10 things that explain New Zealand’s new approach to Covid-19, Justin Giovannetti writes in The Bulletin.
A new world. New Zealand’s first case of Covid-19 was detected exactly two years ago. The country’s approach to the pandemic has shifted radically since then, but few changes have been as sudden and significant as those of the past week. More significant changes could be just around the corner. After two years of scanning, contact tracing and isolating, New Zealanders now face a do-it-yourself approach to omicron. Late last week, the director-general of health and Covid-19 minister unveiled the new approach. Here are 10 things you should know.
Only household contacts need to isolate. One of the biggest changes of phase three of the omicron response has been doing away with close and casual contacts. There are now only two groups that matter: confirmed Covid cases and the households who need to isolate alongside them. “With omicron as with prior variants of the virus, household contacts are the most likely by far to become infected as secondary cases. That’s why in this phase we are focusing just on household contacts isolating,” director-general of health Ashley Bloomfield said last week.
There are now legal requirements, and there’s what you should do. Friends, coworkers and others who spend time with a case can still isolate as well, but they won’t be legally required to. As Covid-19 minister Chris Hipkins said, New Zealanders now need to make up their own minds. “We are asking New Zealanders to accept a much greater degree of personal responsibility for what they do,” he said. Without a legal requirement to isolate, it’ll be a tougher discussion to have with employers.
Students should keep going to class, despite cases. Unless a student is exposed to someone in their household with Covid-19, they are expected to keep going to class. Even if the person sitting beside them tests positive. After some reports of schools coding absences as unjustified for students missing class because of fears they are a contact, Hipkins, as education minister, also sent a bit of a warning to schools: “If you are simply a broader contact of someone who might have Covid-19, you are not required to isolate. But parents, I am sure, will make judgements about that. I know schools will make pragmatic decisions about, for example, how they code student absences.”
Many people will only see rapid tests from now on. After two years of what a colleague described as the “old nose probe” being central to the country’s testing system, PCR tests are now being reserved for certain people. Bloomfield explains: “PCR testing will be used for people who are unwell or more susceptible, for example, those in hospital, people who are immunocompromised, pregnant people, and others for whom it is very important in terms of clinical management to have a specific diagnosis.” RATs do still require self-administered nose probing.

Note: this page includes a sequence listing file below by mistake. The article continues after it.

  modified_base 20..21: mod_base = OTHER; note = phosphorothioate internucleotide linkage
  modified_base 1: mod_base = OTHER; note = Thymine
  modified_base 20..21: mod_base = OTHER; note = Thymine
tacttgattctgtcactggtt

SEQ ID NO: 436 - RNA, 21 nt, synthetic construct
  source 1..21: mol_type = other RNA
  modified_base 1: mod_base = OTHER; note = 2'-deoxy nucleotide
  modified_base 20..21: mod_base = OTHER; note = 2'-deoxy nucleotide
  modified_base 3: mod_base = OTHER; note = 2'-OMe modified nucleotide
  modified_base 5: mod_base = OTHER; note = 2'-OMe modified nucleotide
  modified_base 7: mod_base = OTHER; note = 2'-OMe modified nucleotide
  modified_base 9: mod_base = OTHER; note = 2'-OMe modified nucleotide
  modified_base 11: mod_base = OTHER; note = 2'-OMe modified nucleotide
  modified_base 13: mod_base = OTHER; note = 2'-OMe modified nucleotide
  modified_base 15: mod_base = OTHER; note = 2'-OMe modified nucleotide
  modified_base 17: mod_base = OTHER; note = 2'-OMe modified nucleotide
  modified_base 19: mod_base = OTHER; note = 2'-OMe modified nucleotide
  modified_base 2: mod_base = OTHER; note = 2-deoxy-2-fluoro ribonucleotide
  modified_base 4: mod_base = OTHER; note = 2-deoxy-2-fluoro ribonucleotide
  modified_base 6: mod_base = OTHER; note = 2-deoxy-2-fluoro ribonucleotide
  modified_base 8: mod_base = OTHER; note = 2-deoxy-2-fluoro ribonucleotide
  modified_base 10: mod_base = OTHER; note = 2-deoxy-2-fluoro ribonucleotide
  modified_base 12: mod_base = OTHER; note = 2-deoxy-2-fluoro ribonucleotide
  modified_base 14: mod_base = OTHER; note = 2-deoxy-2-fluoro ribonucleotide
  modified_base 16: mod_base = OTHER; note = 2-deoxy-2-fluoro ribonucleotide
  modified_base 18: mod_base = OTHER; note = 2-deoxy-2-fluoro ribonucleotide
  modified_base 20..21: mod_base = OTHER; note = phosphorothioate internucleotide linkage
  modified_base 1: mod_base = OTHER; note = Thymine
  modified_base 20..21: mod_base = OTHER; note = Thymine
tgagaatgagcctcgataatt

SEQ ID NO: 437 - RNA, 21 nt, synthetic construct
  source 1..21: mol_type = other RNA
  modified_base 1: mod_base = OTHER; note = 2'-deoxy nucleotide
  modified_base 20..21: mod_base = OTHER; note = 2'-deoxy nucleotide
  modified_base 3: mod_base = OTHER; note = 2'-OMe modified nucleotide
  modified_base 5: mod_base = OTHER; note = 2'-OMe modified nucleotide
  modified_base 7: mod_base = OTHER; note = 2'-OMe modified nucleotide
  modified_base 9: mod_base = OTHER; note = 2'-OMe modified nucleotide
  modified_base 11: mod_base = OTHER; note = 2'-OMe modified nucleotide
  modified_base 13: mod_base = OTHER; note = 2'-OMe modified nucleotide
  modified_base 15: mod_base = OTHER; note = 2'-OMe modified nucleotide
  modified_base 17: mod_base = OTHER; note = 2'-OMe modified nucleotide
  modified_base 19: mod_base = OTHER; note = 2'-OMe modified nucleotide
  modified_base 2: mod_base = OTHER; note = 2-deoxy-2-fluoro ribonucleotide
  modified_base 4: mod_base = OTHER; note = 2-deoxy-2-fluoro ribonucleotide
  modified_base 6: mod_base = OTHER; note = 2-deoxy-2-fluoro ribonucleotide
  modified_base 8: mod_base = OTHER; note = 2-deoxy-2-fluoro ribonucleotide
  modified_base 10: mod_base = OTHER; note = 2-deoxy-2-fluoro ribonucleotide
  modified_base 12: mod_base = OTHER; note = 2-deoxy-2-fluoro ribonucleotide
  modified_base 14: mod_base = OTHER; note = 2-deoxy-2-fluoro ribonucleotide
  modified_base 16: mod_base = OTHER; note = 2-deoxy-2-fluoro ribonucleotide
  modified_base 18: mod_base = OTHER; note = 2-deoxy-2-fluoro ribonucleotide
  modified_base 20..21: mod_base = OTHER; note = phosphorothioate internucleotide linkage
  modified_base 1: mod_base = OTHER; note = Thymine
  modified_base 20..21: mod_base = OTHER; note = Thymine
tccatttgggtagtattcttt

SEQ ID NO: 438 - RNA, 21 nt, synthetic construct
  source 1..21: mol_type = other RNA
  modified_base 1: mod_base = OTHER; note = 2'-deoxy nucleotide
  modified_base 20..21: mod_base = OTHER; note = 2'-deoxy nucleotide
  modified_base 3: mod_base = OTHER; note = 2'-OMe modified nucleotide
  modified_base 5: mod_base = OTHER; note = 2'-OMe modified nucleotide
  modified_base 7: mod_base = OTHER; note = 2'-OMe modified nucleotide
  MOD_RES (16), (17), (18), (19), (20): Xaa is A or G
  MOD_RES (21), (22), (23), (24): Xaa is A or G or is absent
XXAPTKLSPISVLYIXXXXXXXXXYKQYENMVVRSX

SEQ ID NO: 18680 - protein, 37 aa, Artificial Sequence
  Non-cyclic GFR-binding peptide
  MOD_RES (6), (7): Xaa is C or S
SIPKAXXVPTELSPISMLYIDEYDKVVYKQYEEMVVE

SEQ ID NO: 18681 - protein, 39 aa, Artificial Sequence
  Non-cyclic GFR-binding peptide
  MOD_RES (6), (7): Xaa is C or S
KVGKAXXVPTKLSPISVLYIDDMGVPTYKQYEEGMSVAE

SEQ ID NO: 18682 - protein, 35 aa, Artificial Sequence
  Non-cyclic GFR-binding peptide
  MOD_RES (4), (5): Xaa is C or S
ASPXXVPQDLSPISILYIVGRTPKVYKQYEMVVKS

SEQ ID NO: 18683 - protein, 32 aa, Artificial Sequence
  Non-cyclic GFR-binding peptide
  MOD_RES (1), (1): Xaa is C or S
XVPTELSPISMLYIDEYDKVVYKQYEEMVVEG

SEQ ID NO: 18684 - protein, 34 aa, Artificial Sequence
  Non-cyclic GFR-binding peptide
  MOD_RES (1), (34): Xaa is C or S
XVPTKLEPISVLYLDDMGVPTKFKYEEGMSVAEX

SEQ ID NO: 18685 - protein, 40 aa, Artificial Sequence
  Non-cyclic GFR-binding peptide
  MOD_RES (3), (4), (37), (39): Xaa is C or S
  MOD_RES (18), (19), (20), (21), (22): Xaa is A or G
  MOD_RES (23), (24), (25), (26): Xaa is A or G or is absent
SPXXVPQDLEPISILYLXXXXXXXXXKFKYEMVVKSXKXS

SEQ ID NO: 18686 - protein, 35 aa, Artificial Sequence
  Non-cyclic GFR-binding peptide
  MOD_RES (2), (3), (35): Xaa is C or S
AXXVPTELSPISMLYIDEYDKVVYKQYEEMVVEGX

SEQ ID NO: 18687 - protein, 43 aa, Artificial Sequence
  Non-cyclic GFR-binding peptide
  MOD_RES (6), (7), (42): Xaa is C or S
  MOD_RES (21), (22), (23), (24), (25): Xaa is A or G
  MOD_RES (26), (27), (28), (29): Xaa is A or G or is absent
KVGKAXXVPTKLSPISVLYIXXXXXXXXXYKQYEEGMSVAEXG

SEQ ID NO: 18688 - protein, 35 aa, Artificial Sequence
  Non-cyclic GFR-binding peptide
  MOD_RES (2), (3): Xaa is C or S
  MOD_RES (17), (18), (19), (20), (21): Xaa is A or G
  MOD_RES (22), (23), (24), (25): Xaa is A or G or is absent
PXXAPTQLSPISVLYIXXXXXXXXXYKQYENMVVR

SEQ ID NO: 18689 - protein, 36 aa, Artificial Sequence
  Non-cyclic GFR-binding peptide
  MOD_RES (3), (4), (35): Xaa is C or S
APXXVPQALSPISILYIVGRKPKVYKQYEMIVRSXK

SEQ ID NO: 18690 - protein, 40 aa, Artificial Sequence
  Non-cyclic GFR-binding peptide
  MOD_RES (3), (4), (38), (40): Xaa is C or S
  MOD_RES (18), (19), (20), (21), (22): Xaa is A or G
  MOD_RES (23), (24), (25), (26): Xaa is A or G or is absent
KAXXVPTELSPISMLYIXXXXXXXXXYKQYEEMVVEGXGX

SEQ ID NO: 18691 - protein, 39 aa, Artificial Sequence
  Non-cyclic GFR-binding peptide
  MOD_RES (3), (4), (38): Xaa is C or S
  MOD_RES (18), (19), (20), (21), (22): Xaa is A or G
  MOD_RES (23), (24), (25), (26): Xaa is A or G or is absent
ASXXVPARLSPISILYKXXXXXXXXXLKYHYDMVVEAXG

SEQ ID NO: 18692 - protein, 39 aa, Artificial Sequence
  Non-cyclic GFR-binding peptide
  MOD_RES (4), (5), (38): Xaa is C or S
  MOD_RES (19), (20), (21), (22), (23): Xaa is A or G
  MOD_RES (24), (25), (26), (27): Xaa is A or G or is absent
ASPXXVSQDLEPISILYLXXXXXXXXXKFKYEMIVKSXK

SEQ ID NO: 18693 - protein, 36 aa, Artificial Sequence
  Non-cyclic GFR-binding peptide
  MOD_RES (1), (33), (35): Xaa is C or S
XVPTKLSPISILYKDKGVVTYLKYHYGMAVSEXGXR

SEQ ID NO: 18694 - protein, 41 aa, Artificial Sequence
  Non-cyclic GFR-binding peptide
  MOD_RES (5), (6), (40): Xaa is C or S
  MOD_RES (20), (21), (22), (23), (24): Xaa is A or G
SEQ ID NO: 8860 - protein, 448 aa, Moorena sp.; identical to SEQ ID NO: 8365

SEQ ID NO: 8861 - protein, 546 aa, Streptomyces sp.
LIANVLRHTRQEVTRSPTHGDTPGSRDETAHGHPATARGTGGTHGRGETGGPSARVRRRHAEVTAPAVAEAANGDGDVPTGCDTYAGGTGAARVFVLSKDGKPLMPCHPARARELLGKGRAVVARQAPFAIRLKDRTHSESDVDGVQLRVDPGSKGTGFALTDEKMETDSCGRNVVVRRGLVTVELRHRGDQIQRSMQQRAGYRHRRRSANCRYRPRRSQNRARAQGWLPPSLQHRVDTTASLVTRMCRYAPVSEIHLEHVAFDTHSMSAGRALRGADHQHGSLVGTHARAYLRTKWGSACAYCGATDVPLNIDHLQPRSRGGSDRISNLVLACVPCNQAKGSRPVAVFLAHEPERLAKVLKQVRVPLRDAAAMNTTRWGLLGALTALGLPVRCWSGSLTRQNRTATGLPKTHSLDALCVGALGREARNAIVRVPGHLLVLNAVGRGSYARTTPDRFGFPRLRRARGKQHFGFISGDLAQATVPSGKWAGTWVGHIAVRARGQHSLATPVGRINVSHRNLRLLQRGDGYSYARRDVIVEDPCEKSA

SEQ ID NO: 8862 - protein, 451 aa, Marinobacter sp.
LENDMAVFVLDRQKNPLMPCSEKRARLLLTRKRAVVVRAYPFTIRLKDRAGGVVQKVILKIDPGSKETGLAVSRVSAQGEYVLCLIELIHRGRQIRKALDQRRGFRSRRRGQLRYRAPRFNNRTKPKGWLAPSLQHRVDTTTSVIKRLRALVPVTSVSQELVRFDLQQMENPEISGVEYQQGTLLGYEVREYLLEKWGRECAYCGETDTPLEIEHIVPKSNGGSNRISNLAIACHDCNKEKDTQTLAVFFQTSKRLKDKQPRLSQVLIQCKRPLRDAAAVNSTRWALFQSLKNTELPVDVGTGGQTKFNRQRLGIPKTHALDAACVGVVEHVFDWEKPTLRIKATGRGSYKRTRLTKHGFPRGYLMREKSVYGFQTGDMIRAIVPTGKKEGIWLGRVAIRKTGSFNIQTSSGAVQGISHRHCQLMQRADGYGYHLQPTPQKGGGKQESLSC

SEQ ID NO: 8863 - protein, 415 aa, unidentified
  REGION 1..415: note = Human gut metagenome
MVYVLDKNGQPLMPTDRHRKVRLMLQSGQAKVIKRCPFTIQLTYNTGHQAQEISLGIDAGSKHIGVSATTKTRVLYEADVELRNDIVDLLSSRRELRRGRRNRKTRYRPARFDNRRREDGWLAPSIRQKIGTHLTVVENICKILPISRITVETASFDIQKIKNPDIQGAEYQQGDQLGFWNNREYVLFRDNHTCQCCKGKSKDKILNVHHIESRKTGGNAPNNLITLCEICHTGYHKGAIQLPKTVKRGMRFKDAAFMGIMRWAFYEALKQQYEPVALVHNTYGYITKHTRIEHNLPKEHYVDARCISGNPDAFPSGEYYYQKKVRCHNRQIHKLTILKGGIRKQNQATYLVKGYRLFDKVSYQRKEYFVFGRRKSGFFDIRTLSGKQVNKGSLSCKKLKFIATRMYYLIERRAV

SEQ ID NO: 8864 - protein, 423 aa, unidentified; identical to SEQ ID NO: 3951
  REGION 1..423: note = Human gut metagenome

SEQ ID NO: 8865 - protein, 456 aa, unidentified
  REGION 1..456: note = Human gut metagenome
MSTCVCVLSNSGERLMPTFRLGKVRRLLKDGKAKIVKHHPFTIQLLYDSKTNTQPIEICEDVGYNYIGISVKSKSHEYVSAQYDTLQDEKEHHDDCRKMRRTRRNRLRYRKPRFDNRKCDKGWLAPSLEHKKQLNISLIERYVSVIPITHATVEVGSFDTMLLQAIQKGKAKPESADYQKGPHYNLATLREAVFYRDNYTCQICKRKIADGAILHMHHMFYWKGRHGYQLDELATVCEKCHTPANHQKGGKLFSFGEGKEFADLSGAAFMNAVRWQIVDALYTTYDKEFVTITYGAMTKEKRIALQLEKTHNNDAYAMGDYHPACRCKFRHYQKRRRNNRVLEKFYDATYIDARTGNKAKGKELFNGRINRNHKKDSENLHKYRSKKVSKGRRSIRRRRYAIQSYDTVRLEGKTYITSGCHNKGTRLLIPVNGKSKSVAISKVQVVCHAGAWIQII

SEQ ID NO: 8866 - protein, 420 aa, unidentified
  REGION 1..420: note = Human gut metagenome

RATs won’t always be free after all. At the midpoint of last week the country was down to one million rapid tests, but after some large deliveries, nearly 20 million should be on hand this coming week. That’s good because RATs will not only be the main test from now, they are also available for purchase at pharmacies and supermarkets. The Spinoff found a box of five for sale at an Auckland Countdown for $46.95. In January, the prime minister said RATs would always be “free for people who need them”. Without any fanfare, that description now only applies to people with symptoms who can queue at testing centres. For those who want to undertake surveillance tests or can’t wait hours for a test, be prepared to pay. There are no plans for free surveillance tests, like in Europe.
How much should a RAT cost? One of the reasons the prime minister promised the tests would remain free was because of stories of price gouging in Australia. With the decision now to leave it up to the free market, Hipkins said no price controls will be put in place, but he expects retailers will continue to be “very responsible”. According to Bloomfield, you should pay between $8 and $10 per test.
Contact tracing is out. There will still be some tracing of cases who go to high-risk locations like hospitals and aged care facilities, but most cases won’t get a call from a contact tracer anymore. If you’d like to warn your contacts that you got infected, that’s your own choice.
Keep scanning, or don’t. “It is still helpful to scan,” said Bloomfield, but notifying your non-household contacts is now a personal responsibility. It wasn’t a full defence of scanning. University of Auckland research fellow Andrew Chen told Stuff that it’s important to stay in the habit of scanning, so it might be worth keeping it up. Either way, vaccine passes and ubiquitous QR codes could be an endangered species now.
The government doesn’t want to talk about daily cases anymore. “Hospitalisations now become a major focus and daily case numbers will become a less important metric from this point onwards,” said Hipkins.
Does MIQ still make sense? For most of the last two years, managed isolation and strict border controls has been described by the government as the country’s main line of defence. With nearly 15,000 daily cases in the community and a dozen or so at the border, it’s not so clear what MIQ is defending. Facing questions, Hipkins seemed reluctant to throw his full support behind MIQ, which is noteworthy:
“We are days away from the border reopening (editor’s note: it opened today). For Australia, and then shortly thereafter followed by the rest of the world. We are reviewing the self- isolation requirements for people coming into the country. I have no announcement on that at the moment, we are still being advised about whether people should still need to self-isolate on arrival in New Zealand. We expect to get that advice in the next week or two,” he said. The entire self-isolation requirement could be gone next month, with MIQ not far behind it.